MAJOR GARRETT: Margaret, these are anxious times. COVID created a tremendous amount of anxiety in this country, it also changed the way some states voted. And that created a sense of being dislodged a little bit, we understand that. And we, in the book, say, 'look, if you're curious about how something was changed, here's the answer for why it didn't materially affect the outcome of the election.' But that anxiety lingers, and that anxiety could manifest itself in precincts across this country, where disagreements or just basic low level confusion suddenly become something much bigger, a much larger confrontation. And then suddenly, people are looking in from across the country wondering what's happening in that voting, and then creates anxiety about voting in their own part of the country, which could undermine confidence in the entire midterm election process. That daisy chain is psychically real, it could play out, and that's what I hear election officials most concerned about, things that aren't really an issue, but people think they're an issue or something on social media makes them a momentary issue. And suddenly, the architecture of trust that has existed around our elections for so long begins to crumble,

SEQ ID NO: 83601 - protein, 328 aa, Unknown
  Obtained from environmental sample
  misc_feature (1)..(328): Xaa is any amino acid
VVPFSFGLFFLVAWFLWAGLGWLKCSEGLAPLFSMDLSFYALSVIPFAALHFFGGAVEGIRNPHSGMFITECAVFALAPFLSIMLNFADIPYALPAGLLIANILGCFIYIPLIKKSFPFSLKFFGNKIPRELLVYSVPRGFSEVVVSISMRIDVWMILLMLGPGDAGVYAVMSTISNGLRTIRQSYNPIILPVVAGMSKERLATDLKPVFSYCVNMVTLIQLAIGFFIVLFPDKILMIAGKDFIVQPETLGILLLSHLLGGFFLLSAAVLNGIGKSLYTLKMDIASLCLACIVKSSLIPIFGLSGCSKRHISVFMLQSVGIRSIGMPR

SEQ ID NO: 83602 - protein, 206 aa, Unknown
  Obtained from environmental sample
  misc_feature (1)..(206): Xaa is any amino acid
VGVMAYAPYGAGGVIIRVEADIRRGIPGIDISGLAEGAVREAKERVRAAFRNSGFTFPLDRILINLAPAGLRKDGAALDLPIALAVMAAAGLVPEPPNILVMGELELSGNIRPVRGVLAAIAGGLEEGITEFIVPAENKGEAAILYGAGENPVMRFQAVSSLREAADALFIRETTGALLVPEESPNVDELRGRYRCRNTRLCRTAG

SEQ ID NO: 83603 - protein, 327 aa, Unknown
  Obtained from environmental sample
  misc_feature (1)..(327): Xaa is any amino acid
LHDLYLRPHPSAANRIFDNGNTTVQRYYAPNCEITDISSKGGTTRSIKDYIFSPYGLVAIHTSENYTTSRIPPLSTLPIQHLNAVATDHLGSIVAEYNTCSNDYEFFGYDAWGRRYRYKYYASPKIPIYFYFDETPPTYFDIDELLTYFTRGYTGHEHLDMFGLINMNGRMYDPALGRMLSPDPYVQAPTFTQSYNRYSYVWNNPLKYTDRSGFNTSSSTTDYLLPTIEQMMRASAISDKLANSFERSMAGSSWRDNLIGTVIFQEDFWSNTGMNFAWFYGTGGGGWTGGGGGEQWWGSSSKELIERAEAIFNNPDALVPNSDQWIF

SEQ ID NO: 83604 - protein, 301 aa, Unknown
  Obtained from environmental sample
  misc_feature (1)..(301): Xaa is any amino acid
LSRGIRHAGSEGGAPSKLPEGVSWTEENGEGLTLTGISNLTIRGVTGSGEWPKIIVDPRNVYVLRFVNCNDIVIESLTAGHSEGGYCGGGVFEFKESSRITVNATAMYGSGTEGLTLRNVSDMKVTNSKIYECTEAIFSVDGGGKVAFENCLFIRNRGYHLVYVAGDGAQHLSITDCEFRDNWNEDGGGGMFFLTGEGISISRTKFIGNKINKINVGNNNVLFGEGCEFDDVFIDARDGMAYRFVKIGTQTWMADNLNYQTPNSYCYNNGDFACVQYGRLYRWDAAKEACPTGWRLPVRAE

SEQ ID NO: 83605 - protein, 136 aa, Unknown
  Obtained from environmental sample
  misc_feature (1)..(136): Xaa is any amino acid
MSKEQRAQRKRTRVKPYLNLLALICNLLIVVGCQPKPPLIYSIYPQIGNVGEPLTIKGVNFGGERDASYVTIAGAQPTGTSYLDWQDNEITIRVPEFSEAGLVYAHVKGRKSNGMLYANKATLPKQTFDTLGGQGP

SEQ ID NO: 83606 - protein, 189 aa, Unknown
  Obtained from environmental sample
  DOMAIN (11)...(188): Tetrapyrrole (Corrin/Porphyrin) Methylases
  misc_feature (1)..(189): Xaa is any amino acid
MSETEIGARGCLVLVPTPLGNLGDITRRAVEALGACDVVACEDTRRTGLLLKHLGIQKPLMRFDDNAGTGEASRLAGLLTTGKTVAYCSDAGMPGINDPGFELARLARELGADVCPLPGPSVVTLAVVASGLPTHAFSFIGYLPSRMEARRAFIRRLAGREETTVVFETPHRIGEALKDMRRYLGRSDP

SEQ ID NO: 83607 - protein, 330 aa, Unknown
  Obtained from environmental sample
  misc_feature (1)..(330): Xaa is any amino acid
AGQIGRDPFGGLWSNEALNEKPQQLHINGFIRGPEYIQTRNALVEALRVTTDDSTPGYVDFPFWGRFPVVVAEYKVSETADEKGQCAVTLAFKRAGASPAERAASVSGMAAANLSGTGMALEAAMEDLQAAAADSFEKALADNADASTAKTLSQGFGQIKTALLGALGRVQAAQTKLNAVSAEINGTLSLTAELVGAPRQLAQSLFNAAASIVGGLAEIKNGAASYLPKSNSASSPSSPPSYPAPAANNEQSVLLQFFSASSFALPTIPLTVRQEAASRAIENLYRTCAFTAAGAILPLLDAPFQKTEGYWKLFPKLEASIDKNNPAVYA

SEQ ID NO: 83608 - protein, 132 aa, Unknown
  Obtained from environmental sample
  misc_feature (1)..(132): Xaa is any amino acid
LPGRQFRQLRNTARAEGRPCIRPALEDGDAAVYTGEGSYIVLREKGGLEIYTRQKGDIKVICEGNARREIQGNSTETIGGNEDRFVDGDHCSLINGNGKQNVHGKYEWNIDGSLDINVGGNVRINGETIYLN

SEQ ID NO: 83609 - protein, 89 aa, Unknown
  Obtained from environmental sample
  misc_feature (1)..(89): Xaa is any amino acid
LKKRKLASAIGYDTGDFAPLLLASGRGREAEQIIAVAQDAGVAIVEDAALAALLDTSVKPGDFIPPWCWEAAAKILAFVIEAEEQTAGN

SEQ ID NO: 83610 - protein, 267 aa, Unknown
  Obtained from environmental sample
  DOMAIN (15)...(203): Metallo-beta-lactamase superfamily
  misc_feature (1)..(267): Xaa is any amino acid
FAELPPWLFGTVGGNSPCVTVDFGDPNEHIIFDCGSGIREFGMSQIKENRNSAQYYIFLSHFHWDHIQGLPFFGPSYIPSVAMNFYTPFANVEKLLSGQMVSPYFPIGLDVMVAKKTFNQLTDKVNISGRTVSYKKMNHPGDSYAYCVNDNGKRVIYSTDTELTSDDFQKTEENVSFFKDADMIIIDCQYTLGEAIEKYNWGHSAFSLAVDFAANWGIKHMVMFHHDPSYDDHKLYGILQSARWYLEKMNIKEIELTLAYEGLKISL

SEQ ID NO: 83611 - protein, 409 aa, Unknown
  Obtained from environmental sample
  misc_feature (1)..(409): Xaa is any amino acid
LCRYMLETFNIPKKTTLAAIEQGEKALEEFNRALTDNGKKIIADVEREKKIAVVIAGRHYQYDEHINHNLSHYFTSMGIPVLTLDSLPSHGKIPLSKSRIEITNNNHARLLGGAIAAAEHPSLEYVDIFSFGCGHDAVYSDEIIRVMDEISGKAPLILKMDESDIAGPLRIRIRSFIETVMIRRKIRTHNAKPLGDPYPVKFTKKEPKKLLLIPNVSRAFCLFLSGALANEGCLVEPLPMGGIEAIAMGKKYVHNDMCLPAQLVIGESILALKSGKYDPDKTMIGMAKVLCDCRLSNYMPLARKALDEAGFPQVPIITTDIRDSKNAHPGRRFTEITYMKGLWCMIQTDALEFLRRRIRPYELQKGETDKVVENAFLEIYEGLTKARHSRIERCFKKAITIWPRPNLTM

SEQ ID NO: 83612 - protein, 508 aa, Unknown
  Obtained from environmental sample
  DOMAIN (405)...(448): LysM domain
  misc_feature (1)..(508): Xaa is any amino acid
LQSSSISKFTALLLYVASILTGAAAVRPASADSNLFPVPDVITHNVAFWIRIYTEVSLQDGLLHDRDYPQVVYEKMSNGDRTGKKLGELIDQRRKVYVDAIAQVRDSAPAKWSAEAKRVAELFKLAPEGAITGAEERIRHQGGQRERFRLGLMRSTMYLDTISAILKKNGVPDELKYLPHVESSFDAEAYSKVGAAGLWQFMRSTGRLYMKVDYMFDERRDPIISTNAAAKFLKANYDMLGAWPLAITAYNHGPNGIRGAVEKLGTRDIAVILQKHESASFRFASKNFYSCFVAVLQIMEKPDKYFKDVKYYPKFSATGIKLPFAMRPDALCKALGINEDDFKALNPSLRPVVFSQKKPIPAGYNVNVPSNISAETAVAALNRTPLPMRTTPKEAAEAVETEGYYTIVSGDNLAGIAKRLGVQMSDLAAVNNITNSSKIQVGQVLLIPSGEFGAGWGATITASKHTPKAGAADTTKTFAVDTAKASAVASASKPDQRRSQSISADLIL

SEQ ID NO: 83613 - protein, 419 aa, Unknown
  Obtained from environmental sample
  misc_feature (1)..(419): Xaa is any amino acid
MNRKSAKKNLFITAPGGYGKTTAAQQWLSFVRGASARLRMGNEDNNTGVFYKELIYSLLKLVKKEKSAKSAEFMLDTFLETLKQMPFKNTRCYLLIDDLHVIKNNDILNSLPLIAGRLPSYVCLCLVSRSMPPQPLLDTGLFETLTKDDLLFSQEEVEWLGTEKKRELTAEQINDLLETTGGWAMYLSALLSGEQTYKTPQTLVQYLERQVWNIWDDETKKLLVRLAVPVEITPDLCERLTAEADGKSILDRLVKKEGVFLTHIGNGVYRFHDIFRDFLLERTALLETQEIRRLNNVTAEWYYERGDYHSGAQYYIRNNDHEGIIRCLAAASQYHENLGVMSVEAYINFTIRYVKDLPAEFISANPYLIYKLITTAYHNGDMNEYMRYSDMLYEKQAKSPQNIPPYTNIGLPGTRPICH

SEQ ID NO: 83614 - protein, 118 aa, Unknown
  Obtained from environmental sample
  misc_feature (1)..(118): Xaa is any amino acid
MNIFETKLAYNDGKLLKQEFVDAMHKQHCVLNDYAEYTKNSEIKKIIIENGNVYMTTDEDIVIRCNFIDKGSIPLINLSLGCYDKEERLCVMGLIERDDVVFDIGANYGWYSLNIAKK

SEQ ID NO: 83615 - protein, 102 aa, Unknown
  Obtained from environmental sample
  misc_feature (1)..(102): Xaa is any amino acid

MARGARET BRENNAN: I want to do a lightning round on some of those things you- you debunk. On the mechanics of elections, you write that hand counting is less accurate.
DAVID BECKER: That's right. And the academic literature is actually unanimous on this. If you look at the counting of ballots, and our ballots in the United States are very complex, it's not one race, we're literally looking at dozens of races, sometimes over dozens of pages. And one thing humans are very bad at are repetitive activities over time, machines are really good at that. Now, that doesn't mean we should trust the machines entirely. We have to have checks on the machines to make sure they did it right, which is what we had in 2020. They're called real forensic audits- real audits, rather, of the- of the machine technology that compare the paper ballots- the hand- and there's hand counts of the paper ballots compared to what the tabulators said. And in every case, they came out and proved that the- the, the actual tabulation was accurate. So hand counts are a very bad idea if you want rapid, accurate counts. If you want costly, inaccurate account accounts. Sure, do it by hand.
MAJOR GARRETT: If you want hand count, you're introducing the possibility of someone with an agenda counting ballots. Machines have no agenda, and there's no ghosts inside them either.
MARGARET BRENNAN: On ballot harvesting. explain that. How did you debunk that Major?
MAJOR GARRETT: So ballot harvesting has become this umbrella terminology, which gives the impression that people are rounding up ballots by some very large number, dozens, hundreds, maybe 1000s--